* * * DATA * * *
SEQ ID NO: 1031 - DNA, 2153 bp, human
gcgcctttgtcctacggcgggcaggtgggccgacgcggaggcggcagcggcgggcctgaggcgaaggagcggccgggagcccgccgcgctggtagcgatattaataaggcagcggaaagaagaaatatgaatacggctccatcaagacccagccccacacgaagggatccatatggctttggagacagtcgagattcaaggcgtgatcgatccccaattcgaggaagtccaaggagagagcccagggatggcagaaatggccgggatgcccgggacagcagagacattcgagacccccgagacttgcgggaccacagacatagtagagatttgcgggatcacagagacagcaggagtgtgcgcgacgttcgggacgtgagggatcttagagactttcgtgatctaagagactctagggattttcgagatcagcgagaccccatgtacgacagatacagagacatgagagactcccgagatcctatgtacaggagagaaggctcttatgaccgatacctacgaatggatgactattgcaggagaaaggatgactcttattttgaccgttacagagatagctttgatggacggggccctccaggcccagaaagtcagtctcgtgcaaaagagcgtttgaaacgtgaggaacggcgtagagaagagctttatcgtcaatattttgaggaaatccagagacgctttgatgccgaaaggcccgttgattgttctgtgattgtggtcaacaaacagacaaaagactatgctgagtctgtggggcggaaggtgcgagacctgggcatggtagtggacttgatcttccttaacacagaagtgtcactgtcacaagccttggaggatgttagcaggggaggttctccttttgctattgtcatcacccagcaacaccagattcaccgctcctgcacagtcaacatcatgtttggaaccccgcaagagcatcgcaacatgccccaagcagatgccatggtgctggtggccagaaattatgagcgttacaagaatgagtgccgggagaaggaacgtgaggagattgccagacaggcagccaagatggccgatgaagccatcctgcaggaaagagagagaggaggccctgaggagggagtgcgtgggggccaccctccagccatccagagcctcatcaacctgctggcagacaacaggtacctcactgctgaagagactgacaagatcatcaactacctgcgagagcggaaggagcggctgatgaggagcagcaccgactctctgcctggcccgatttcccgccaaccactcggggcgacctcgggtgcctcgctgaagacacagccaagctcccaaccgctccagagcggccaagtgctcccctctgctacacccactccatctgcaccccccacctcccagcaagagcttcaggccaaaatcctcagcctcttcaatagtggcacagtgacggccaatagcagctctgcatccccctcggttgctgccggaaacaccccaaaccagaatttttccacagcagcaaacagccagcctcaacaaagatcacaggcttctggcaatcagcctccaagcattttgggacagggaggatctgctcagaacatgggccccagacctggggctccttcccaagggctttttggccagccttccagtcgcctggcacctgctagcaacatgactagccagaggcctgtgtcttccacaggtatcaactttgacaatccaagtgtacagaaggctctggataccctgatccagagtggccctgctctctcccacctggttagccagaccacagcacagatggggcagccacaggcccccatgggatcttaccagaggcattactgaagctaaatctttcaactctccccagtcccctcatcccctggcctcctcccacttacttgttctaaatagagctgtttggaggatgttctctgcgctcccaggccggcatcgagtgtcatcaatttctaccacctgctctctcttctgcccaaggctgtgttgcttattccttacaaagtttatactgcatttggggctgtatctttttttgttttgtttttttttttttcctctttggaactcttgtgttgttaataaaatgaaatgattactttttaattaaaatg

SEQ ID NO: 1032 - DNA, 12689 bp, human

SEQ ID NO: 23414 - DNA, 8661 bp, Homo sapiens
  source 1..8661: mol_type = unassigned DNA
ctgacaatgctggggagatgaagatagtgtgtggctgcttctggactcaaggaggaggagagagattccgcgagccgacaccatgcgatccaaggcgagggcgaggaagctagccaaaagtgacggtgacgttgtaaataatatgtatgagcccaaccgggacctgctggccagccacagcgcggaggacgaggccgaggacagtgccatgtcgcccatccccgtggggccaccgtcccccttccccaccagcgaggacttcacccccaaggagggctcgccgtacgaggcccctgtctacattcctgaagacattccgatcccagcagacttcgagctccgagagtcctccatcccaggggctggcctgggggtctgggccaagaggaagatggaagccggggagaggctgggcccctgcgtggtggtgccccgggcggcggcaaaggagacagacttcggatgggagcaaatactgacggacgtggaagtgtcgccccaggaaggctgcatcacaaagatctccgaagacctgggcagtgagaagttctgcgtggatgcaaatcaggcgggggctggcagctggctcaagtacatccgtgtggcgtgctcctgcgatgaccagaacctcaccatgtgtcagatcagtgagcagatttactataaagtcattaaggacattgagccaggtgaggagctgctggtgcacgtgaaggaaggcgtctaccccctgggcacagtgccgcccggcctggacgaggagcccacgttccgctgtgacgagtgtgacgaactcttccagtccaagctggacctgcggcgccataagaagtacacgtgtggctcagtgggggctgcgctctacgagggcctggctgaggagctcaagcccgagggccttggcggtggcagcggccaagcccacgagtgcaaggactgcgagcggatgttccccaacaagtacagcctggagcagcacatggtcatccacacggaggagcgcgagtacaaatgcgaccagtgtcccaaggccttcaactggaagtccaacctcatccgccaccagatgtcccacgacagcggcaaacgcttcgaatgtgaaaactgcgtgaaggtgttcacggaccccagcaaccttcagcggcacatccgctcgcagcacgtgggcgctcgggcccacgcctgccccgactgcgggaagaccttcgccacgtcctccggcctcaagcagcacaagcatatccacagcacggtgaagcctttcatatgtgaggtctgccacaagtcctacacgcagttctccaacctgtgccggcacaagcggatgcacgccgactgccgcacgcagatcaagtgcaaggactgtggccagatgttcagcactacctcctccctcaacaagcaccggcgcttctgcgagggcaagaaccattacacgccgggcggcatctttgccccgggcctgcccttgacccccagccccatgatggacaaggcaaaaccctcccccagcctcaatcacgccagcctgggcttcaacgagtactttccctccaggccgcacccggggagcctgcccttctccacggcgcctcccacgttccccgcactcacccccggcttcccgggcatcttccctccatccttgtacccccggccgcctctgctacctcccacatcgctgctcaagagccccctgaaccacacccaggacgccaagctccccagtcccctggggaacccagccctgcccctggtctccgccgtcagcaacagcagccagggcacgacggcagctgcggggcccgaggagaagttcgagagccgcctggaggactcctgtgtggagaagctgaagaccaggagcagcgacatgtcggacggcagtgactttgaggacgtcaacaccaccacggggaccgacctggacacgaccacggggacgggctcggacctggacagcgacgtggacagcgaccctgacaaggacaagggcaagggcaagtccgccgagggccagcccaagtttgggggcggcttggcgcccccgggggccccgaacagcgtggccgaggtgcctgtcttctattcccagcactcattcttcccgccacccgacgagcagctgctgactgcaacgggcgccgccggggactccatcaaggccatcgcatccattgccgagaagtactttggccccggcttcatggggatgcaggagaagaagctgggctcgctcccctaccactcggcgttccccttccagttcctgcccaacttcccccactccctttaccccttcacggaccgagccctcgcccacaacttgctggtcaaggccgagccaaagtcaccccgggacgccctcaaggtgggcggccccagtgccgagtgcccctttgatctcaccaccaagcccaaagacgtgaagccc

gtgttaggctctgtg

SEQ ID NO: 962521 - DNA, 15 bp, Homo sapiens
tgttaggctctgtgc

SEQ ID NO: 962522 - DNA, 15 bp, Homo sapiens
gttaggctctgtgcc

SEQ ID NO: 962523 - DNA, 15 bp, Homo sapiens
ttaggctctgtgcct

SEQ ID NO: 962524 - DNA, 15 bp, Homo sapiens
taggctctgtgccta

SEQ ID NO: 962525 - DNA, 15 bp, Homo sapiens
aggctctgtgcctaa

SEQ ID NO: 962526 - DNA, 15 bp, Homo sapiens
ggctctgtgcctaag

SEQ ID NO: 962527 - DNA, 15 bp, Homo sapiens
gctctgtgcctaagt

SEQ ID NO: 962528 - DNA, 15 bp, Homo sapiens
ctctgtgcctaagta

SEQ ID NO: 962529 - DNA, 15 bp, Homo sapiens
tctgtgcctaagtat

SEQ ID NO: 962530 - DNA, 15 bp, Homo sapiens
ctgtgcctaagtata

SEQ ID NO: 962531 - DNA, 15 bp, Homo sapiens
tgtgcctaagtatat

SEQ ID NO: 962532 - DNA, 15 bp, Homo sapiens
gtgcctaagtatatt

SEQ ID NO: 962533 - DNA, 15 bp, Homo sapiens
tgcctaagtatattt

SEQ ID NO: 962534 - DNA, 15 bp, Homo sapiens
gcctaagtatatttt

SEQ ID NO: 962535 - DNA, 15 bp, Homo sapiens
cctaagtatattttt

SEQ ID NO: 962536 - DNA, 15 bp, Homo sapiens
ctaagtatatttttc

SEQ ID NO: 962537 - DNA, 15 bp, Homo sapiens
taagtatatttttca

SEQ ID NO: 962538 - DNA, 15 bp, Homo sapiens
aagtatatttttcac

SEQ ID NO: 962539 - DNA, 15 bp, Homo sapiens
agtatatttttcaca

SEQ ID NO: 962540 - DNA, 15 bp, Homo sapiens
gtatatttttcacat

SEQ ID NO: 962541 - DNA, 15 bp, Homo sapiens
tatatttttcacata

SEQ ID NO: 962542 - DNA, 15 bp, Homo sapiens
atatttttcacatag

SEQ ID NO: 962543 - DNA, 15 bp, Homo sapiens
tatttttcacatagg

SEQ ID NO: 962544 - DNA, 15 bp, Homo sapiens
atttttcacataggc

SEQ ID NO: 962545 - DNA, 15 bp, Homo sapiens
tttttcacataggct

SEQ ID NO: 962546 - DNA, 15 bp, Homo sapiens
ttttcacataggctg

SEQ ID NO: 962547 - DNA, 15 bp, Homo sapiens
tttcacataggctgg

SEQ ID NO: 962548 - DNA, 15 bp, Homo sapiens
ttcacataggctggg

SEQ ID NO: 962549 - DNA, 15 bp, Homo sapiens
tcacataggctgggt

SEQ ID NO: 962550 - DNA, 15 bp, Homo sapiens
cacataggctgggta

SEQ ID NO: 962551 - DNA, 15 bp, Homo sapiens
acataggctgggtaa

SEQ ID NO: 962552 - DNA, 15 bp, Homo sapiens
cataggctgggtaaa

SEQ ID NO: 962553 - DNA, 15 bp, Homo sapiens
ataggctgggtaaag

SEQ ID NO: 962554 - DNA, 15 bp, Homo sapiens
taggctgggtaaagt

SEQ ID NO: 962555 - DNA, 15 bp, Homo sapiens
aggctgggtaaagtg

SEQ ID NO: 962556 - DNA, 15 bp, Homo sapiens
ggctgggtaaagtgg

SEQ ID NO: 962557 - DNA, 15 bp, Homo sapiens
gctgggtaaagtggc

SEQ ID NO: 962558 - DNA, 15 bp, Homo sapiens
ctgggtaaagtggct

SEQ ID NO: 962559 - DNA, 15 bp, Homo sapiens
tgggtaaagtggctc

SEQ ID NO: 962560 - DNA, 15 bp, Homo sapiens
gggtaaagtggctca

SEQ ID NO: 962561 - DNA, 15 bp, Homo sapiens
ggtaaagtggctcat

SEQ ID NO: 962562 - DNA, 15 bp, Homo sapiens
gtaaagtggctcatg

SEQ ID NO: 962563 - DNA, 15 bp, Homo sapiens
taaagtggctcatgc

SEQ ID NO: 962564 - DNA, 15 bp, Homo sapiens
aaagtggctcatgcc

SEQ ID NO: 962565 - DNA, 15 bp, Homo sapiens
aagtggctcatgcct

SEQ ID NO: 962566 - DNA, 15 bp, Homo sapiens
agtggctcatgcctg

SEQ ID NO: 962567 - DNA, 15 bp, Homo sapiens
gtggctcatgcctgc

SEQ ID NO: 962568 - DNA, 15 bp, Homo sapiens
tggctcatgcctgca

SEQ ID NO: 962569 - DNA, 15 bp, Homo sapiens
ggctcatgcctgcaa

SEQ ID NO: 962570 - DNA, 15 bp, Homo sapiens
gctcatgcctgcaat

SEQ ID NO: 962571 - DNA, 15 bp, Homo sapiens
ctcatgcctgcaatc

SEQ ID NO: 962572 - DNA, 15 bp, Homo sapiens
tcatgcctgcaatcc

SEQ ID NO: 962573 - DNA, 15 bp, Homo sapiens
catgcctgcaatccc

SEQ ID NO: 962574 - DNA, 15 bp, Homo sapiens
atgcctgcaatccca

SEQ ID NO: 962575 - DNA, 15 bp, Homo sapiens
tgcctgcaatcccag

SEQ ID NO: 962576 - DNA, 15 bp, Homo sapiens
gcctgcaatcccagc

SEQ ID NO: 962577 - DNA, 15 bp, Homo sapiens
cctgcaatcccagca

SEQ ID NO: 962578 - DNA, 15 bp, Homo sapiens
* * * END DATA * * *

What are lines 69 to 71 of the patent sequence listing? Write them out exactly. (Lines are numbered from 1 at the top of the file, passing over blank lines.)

acataggctgggtaa

SEQ ID NO: 962552 - DNA, 15 bp, Homo sapiens
cataggctgggtaaa